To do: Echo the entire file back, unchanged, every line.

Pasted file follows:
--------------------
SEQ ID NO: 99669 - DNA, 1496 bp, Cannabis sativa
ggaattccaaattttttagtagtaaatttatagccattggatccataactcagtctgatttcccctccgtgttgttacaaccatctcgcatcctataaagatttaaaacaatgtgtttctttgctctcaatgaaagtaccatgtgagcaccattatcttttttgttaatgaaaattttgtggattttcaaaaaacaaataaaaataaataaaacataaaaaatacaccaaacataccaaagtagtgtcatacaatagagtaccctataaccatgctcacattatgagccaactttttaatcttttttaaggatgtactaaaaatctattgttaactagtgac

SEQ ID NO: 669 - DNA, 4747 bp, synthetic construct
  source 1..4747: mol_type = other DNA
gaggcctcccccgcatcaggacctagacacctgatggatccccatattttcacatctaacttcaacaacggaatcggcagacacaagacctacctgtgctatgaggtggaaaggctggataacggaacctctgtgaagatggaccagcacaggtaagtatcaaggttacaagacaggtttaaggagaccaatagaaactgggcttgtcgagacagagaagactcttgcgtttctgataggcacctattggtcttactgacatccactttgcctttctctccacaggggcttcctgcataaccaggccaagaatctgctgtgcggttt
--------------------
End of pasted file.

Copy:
SEQ ID NO: 99669 - DNA, 1496 bp, Cannabis sativa
ggaattccaaattttttagtagtaaatttatagccattggatccataactcagtctgatttcccctccgtgttgttacaaccatctcgcatcctataaagatttaaaacaatgtgtttctttgctctcaatgaaagtaccatgtgagcaccattatcttttttgttaatgaaaattttgtggattttcaaaaaacaaataaaaataaataaaacataaaaaatacaccaaacataccaaagtagtgtcatacaatagagtaccctataaccatgctcacattatgagccaactttttaatcttttttaaggatgtactaaaaatctattgttaactagtgac

SEQ ID NO: 669 - DNA, 4747 bp, synthetic construct
  source 1..4747: mol_type = other DNA
gaggcctcccccgcatcaggacctagacacctgatggatccccatattttcacatctaacttcaacaacggaatcggcagacacaagacctacctgtgctatgaggtggaaaggctggataacggaacctctgtgaagatggaccagcacaggtaagtatcaaggttacaagacaggtttaaggagaccaatagaaactgggcttgtcgagacagagaagactcttgcgtttctgataggcacctattggtcttactgacatccactttgcctttctctccacaggggcttcctgcataaccaggccaagaatctgctgtgcggttt